This interdisciplinary MA is taught on an interdepartmental basis by staff who cover an exceptionally wide range of expertise. The flexible nature of the programme enables students to develop their own interests whilst gaining a thorough understanding of modern literary theory and comparative literature.
Students develop a thorough understanding of modern theories of literature, the contexts of literature and the interaction between literatures, and gain practical experience in comparative literary studies. The programme also develops the critical and analytical skills necessary for research in this field.
Students undertake modules to the value of 180 credits. There are two pathways through the programme: taught and research.
Taught: two core modules (60 credits), two optional modules (60 credits), and a dissertation (60 credits). Research: two core modules (60 credits), one optional module (30 credits), and a dissertation (90 credits).
Core modules -Modern Literary Theory -Comparative Literary Studies
Optional modules - options may include the following: -Revolutions in Literature: Writing China's Twenthieth Century -Apocalypse Literature -Consumer Culture in Literature -Readings in Twentieth Century Chinese Literature and Culture: Family, Childhood, Gender -Performance, visual media and popular culture in Africa -Theoretical Issues in history and Literature -Language, Culture & History -Topics in Cultural Studies -Translation Studies -Comparative Medieval literature -Literary and Cultural Theory -All Quiet on the Eastern Front: Culture, Politics, and Everyday Life in Central and Eastern Europe from Stalin to Present -Literatures of Rupture: Modernism in Russia and Eastern Europe -Modern Chinese Literature in Translation -Introduction to Hermeneutics: How to Read and Interpret Texts
Dissertation/report All students undertake an independent research project which culminates in a dissertation of 12,000 words (taught pathway) or 18,000 words (research pathway).
Teaching and learning Teaching and supervision are organised on an interdepartmental basis. Teaching sessions are envisaged as interactive, with a limited amount of lecturing and an emphasis on student participation and critical discussion. Assessment is based on a combination of shorter and longer essays and the dissertation.
Publishing, academic teaching, research and journalism are the most common destinations for graduates with an MA in Comparative Literature but the civil service, teaching or employment as a translator or copywriter are becoming increasingly attractive alternatives.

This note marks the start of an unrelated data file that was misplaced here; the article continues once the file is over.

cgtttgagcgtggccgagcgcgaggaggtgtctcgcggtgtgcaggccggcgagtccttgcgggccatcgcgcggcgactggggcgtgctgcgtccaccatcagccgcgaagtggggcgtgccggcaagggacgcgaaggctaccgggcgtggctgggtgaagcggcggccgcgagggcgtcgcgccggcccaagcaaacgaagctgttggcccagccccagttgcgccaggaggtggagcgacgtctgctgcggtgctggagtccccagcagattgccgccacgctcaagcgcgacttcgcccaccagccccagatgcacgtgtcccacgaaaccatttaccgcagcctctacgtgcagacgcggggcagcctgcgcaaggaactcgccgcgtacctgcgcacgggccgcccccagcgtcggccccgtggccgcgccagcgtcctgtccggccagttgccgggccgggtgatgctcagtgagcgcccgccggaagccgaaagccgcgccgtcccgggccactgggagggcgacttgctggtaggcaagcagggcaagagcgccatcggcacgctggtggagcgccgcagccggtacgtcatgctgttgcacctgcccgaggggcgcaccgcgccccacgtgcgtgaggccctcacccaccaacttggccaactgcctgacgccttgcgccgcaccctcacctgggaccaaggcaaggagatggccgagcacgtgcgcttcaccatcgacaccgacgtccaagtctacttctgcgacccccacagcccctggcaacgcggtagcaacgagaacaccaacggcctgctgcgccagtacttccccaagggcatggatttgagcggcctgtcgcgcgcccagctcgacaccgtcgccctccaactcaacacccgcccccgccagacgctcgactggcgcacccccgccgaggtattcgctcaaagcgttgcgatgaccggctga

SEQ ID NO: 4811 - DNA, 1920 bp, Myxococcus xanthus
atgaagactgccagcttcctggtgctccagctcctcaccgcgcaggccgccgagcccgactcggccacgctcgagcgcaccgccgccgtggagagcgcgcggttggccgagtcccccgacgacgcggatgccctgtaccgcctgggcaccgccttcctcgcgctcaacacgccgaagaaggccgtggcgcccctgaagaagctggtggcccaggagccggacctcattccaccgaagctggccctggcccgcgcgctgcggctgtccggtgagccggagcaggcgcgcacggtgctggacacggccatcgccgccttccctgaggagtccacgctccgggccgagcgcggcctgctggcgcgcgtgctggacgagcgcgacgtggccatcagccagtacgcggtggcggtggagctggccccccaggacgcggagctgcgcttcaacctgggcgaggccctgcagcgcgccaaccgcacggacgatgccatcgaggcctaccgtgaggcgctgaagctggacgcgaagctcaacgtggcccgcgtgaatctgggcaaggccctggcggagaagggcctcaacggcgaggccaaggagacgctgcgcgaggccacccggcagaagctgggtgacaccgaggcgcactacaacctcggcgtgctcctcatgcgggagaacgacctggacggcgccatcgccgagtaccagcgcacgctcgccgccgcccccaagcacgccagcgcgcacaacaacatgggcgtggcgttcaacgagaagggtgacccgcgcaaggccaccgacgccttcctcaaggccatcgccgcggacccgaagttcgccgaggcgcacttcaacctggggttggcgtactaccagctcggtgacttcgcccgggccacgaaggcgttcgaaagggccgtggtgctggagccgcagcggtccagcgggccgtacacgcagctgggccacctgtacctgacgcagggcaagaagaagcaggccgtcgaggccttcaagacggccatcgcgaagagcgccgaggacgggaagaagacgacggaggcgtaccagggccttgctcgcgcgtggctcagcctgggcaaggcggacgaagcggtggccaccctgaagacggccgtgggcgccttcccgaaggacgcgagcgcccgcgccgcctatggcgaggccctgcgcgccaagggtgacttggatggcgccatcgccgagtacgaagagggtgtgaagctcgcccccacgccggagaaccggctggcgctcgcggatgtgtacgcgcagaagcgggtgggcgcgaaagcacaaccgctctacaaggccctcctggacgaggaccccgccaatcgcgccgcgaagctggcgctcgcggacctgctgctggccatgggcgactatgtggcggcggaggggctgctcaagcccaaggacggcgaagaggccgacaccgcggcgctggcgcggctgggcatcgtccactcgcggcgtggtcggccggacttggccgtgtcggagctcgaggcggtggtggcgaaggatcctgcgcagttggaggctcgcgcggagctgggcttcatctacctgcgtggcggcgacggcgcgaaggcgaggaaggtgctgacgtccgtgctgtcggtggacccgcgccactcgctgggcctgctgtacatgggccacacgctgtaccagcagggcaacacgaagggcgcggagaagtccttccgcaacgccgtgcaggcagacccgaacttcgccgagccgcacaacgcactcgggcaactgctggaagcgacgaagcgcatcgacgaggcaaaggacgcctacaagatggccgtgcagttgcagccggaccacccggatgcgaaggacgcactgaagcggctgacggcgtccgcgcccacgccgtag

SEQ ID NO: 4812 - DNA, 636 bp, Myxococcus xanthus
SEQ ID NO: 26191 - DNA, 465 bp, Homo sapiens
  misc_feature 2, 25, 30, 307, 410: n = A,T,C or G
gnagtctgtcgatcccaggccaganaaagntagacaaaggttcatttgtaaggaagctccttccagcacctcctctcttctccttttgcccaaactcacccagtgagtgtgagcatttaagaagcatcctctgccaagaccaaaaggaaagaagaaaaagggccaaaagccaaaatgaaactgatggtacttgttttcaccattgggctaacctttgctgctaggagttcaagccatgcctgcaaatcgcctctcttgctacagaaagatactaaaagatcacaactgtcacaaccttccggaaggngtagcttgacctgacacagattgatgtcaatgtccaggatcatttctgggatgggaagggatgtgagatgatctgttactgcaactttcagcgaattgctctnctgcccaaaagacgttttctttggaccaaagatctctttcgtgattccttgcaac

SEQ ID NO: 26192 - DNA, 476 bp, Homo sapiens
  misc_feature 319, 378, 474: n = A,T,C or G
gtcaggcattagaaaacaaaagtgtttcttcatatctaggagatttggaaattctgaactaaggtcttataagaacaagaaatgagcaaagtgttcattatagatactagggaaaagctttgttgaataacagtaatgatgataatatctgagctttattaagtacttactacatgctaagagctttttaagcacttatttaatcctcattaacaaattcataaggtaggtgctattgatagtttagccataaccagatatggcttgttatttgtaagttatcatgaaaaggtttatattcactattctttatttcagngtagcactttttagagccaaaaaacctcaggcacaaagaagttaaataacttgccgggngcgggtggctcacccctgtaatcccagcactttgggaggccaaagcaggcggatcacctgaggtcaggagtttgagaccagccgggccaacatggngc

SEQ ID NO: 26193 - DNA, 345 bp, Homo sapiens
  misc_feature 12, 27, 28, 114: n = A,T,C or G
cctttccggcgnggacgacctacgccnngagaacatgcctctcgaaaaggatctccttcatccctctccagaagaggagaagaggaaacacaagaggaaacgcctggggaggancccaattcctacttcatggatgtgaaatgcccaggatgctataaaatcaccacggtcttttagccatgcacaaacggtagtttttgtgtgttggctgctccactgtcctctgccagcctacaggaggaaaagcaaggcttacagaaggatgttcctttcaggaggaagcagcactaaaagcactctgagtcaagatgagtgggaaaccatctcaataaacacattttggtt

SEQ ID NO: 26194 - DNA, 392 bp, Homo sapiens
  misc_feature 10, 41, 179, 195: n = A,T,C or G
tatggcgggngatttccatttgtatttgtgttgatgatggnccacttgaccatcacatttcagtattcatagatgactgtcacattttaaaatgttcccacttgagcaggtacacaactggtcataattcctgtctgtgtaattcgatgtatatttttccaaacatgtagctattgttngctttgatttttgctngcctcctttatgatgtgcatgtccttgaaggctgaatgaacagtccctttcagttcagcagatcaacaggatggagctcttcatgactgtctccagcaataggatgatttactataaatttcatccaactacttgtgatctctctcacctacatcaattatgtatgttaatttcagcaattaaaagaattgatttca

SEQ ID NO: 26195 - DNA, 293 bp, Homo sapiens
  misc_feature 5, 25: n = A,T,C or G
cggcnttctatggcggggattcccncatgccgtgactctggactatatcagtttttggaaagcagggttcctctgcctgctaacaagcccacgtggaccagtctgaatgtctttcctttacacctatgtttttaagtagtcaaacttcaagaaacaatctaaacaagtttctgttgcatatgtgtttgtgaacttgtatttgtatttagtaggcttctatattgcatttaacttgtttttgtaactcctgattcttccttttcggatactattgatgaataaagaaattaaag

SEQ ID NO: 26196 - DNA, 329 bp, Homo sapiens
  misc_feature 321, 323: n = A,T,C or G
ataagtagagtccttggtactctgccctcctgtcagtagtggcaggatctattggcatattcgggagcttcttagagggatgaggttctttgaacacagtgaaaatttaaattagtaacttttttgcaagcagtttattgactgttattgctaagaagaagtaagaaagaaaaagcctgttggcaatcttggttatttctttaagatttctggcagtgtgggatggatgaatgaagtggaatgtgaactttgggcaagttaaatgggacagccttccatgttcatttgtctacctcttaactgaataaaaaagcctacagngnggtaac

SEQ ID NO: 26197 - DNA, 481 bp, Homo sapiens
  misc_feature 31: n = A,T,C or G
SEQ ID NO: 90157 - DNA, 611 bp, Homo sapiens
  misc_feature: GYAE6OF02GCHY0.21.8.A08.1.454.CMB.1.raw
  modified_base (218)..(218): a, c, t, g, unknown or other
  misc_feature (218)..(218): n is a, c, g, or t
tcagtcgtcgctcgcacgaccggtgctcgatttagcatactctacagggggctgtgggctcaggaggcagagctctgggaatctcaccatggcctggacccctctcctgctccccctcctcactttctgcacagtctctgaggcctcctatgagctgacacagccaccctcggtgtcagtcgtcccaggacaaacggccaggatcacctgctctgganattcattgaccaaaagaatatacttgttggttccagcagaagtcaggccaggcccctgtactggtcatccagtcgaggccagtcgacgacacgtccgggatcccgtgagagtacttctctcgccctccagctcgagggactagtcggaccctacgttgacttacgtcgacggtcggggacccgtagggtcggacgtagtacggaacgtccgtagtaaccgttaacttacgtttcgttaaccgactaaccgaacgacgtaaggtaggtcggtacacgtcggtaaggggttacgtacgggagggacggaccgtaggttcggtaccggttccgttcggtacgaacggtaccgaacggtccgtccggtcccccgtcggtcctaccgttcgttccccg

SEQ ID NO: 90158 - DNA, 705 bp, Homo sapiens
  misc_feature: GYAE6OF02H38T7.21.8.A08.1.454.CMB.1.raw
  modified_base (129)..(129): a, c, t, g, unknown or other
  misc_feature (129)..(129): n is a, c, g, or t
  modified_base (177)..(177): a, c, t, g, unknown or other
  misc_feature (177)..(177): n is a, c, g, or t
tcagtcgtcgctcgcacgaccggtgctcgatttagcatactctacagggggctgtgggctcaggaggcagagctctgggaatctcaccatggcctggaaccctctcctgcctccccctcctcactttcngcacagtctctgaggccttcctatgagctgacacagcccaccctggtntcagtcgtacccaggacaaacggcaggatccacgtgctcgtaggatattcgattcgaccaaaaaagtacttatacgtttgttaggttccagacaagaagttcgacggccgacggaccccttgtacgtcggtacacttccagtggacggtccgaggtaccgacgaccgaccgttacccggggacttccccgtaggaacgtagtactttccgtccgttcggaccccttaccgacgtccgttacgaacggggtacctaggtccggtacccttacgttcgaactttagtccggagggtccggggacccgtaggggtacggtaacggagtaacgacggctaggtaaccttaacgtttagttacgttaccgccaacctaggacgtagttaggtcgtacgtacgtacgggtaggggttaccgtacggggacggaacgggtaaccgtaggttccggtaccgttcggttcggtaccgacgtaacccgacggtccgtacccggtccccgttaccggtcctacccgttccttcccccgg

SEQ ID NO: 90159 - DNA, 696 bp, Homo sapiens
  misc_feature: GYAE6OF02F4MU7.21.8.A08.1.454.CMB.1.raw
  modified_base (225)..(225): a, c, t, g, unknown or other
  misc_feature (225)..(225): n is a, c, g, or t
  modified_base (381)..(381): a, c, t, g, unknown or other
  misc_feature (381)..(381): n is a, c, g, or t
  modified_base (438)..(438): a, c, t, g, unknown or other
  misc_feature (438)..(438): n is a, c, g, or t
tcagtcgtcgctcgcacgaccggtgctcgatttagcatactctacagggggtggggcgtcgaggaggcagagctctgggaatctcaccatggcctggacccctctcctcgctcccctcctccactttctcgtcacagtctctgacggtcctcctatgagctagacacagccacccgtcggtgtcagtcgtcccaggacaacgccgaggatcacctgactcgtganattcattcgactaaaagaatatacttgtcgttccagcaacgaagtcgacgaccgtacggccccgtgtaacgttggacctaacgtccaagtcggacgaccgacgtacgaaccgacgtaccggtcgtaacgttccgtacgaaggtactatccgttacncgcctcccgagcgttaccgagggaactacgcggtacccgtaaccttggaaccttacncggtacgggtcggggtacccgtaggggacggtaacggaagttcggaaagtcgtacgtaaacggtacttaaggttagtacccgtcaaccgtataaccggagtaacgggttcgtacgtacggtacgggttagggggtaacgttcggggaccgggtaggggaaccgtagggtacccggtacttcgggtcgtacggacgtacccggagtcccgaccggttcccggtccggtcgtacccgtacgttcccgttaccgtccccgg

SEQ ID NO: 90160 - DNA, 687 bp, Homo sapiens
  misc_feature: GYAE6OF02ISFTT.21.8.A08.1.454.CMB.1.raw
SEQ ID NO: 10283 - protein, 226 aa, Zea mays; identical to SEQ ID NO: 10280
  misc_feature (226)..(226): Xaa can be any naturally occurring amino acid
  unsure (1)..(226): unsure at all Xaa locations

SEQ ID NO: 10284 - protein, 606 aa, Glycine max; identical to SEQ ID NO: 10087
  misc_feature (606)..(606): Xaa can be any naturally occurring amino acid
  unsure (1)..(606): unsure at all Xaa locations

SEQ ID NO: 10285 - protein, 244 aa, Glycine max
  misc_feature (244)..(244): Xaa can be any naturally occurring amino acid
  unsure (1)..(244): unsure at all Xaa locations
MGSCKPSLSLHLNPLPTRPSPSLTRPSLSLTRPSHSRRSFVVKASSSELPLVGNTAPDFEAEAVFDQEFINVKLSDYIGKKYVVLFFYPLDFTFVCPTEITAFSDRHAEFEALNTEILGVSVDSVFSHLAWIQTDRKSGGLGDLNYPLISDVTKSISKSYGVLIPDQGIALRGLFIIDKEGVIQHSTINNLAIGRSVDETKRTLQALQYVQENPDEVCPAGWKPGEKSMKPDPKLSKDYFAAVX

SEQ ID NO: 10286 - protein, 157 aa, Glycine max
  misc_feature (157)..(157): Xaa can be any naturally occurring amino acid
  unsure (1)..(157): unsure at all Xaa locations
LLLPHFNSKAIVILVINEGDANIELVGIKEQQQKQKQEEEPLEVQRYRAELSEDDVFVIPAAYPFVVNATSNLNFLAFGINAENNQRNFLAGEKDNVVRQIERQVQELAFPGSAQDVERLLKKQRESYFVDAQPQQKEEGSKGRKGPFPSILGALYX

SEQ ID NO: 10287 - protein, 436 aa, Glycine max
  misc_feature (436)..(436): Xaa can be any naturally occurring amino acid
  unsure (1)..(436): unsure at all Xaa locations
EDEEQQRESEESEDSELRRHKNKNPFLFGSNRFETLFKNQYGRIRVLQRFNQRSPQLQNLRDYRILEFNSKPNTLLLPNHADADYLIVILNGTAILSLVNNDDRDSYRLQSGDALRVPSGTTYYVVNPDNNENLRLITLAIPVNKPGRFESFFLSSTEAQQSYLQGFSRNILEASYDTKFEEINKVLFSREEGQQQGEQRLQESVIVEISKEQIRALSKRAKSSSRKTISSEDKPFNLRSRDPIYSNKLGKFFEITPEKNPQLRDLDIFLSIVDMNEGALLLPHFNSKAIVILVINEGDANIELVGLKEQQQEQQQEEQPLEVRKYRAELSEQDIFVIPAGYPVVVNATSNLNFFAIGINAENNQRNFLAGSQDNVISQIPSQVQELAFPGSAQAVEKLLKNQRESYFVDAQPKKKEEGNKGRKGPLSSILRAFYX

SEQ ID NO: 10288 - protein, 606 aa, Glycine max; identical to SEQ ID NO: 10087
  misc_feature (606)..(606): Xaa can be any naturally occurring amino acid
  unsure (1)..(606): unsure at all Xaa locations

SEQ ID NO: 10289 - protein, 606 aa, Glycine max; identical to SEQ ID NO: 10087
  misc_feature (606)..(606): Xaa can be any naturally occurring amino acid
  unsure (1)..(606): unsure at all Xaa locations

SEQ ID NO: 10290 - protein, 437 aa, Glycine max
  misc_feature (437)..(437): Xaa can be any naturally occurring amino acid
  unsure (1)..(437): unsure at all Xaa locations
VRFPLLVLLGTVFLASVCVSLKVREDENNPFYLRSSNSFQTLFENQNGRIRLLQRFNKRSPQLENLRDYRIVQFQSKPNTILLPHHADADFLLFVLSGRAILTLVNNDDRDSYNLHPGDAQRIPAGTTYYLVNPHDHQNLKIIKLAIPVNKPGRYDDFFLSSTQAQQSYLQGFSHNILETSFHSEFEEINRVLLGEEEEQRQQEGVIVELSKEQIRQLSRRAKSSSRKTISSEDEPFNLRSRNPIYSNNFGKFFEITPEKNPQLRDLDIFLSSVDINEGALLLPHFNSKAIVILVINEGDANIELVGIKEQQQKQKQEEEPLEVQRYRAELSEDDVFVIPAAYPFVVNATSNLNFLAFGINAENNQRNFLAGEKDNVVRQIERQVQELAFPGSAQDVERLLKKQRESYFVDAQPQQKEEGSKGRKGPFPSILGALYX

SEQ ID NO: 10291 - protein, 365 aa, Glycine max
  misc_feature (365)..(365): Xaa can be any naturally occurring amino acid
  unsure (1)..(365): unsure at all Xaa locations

First career destinations of recent graduates include: London Business School, Marketing and Administration Assistant; Jaca Book, Editorial Intern; Macmillan Publishing, Editorial Assistant; Sokol Books Ltd, Antiquarian book-dealing Assistant; Sports Alliance, Lead Copywriter; Sage Publishing, Editorial Assistant; Ministry of Education, Seminar Organisation; British Library, Library Assistant; Chinese University of Hong Kong, Product co-ordinator; and Burlington Danes Academy, Graduate Teacher of English.
Top career destinations for this degree: -Senior Executive, Felda Investment Corporation -Editor, University of International Business and Economy Press -Marketing Executive, I.B.Tauris -Comparative Literature, University College London (UCL) -PhD English, University of Leicester
Why study this degree at UCL?
With its exceptional range of modern and ancient languages and cultures, UCL provides a comprehensive environment for comparative literary study.
Departments housed in the Faculty of Arts & Humanities cover Danish, Dutch, English, French, German, Ancient Greek, Hebrew, Icelandic, Italian, Latin, Norwegian, Spanish, Swedish and Yiddish. The School of Slavonic and East European Studies (SSEES) deals with all the major languages, literatures and cultures of Central and Eastern Europe. A co-operation agreement with SOAS, University of London, covers teaching as well as research and ensures global coverage.
Many UCL staff have comparative and interdisciplinary research interests in addition to their subject specialism. We are particularly interested in innovative approaches to literary and cultural studies, and in research with a comparative, cross-cultural, and interdisciplinary focus, including research in the following fields: literary and cultural theory, material and visual cultures, reception studies, themes and genres, cultural history, comparative gender and performance studies, translation studies, diaspora and migration studies, and new media.